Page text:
by Ian Marshall, ITTF Publications Editor
Success for India but it was Thailand who made the better start; in the opening encounter of the engagement Padasak Tanviriyavechakul beat Sathiyan Gnanasekaran in three straight games (11-9, 11-6, 14-12).
First blood to Thailand but that was to be the sum total of their success; enter Sharath Kamal Achanta; he accounted for Supanut Wisutmaythangkoon in three straight games (11-9, 11-6, 11-7) to calm Indian nerves.
Later he was to return to the fray to conclude matters by beating Padasak Tanviriyavechakul (11-7, 11-6, 11-4); a player notably very forehand orientated.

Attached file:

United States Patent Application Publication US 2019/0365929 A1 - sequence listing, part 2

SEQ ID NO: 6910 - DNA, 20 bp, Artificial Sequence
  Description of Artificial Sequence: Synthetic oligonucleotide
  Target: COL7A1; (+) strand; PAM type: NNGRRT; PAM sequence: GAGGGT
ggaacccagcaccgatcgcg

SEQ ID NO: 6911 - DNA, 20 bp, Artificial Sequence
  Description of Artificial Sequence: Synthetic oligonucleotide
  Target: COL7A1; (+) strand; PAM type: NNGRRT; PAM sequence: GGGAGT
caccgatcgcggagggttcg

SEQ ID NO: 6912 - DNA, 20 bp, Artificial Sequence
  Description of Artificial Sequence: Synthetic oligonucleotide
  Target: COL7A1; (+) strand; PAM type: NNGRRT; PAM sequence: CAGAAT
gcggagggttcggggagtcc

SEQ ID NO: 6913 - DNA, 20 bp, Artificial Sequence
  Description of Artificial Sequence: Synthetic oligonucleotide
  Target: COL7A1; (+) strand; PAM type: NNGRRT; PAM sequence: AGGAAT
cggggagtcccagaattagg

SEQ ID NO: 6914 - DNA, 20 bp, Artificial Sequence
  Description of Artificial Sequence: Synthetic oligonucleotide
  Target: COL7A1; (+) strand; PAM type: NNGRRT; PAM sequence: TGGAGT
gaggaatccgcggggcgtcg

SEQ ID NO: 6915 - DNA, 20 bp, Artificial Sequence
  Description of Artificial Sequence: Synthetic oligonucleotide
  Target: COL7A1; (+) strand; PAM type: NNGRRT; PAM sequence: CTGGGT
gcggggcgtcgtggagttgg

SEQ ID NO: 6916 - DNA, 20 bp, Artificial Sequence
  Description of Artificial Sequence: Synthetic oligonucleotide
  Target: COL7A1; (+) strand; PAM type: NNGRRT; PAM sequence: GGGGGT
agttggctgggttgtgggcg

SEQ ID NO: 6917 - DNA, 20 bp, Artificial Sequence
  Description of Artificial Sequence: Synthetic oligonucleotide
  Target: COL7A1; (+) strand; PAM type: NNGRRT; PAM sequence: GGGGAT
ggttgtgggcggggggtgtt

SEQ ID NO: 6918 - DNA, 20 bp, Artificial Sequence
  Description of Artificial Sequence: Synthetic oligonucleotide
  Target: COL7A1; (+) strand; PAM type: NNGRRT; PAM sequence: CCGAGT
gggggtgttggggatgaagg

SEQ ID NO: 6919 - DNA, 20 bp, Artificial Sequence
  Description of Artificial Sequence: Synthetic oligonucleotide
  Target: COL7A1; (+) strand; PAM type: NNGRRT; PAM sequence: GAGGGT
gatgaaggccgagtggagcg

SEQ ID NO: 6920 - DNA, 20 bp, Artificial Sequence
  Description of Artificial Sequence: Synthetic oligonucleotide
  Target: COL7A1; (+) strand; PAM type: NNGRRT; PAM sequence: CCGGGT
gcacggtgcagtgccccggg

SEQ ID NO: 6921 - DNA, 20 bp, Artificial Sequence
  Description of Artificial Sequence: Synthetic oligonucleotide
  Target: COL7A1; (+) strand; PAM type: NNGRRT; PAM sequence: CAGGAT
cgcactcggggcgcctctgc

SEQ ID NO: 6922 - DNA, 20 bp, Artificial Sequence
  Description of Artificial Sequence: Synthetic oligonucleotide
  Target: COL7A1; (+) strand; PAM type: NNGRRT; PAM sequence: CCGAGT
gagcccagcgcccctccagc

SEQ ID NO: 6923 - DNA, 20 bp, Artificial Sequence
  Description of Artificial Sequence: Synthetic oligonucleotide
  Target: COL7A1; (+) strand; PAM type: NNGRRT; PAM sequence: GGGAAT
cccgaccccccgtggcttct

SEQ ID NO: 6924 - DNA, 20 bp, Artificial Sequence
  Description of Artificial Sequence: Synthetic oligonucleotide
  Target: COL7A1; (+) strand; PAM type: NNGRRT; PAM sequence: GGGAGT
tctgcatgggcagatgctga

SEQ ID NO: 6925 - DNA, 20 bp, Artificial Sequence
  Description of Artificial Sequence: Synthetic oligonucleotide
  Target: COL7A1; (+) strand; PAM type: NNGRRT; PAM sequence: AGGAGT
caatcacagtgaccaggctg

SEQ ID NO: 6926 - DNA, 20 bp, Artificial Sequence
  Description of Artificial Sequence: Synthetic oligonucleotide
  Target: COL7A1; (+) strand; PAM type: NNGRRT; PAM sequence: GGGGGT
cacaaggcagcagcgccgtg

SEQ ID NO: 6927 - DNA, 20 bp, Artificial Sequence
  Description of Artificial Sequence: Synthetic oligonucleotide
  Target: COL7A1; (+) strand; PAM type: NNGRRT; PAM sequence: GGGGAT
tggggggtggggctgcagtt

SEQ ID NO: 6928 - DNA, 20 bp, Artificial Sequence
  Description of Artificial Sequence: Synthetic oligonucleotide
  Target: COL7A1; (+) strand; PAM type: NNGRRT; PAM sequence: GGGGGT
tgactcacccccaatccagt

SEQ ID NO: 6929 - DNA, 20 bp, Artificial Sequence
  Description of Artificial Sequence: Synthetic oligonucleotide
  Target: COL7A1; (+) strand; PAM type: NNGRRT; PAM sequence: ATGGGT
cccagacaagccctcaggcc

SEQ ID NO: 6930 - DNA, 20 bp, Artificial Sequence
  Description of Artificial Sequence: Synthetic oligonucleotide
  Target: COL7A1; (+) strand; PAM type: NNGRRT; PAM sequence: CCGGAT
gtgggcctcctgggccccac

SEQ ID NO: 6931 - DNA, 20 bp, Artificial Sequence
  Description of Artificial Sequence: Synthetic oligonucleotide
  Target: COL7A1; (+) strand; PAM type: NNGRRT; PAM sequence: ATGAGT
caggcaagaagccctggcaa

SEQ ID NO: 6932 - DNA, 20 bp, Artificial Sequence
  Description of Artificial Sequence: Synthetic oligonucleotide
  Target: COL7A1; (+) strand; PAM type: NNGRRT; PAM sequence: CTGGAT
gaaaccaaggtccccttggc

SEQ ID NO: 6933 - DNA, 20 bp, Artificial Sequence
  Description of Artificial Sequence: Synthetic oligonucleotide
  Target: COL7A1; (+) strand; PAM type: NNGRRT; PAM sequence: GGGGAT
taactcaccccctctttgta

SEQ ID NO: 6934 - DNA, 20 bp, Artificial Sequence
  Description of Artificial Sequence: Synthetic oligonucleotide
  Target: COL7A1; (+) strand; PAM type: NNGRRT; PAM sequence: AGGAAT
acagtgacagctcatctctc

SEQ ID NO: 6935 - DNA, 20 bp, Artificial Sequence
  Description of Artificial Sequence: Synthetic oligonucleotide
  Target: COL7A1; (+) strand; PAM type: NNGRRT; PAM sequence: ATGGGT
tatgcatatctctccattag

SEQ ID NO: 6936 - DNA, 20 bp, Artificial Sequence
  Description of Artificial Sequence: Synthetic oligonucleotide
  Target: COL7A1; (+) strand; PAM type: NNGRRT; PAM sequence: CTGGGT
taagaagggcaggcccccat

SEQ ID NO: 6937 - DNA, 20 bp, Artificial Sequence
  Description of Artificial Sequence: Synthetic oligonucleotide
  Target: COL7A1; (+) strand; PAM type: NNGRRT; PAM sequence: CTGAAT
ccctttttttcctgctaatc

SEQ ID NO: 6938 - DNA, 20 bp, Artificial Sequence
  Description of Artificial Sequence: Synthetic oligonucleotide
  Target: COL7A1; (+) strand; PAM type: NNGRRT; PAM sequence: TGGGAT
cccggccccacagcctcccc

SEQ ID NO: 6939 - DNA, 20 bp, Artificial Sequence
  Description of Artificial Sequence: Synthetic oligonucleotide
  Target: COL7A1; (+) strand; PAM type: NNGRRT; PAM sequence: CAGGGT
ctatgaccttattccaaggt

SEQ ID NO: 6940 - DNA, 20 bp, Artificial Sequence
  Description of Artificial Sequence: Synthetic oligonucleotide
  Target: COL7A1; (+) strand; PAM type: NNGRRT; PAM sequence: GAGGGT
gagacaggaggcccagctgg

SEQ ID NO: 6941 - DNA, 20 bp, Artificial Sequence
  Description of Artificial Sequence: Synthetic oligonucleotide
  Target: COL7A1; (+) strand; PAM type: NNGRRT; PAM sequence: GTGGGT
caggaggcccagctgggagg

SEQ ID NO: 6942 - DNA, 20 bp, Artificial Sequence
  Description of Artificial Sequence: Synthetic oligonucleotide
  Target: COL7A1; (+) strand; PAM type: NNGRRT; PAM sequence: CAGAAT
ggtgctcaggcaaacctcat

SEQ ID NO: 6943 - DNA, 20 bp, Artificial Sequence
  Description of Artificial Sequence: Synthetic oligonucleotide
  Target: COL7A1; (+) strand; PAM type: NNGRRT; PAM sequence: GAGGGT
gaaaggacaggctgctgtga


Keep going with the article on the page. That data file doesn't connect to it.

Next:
“In the first match against Supanut I was down 3-8, I came back to win the game 11-9 and from there on I never felt in great trouble. For sure Padasak is good from the forehand, so I never let him play forehands!” Sharath Kamal Achanta
The one further win for India was recorded by Harmeet Desai.
“Passara, he’s good; I’d seen him before and I decided that I must be aggressive. In the first game I was 5-9 down and won; that gave me confidence. I was able to build my game as the match progressed. I kept changing my serves and I played better and better. He is good from the backhand, so I played wide to his forehand.” Harmeet Desai
Impressive from India, arguably it was even more impressive from DPR Korea. Choe Il beat Afshin Noroozi (13-11, 11-6, 10-12, 11-5), Pak Sin Hyok accounted for Amin Ahmadian (11-9, 11-6, 11-2) before Kang Wi Hun ended matters by overcoming Hamid Taherkhani (11-4, 11-5, 11-5).
At the quarter-final stage of the Men’s Team event India plays Japan, DPR Korea opposes China.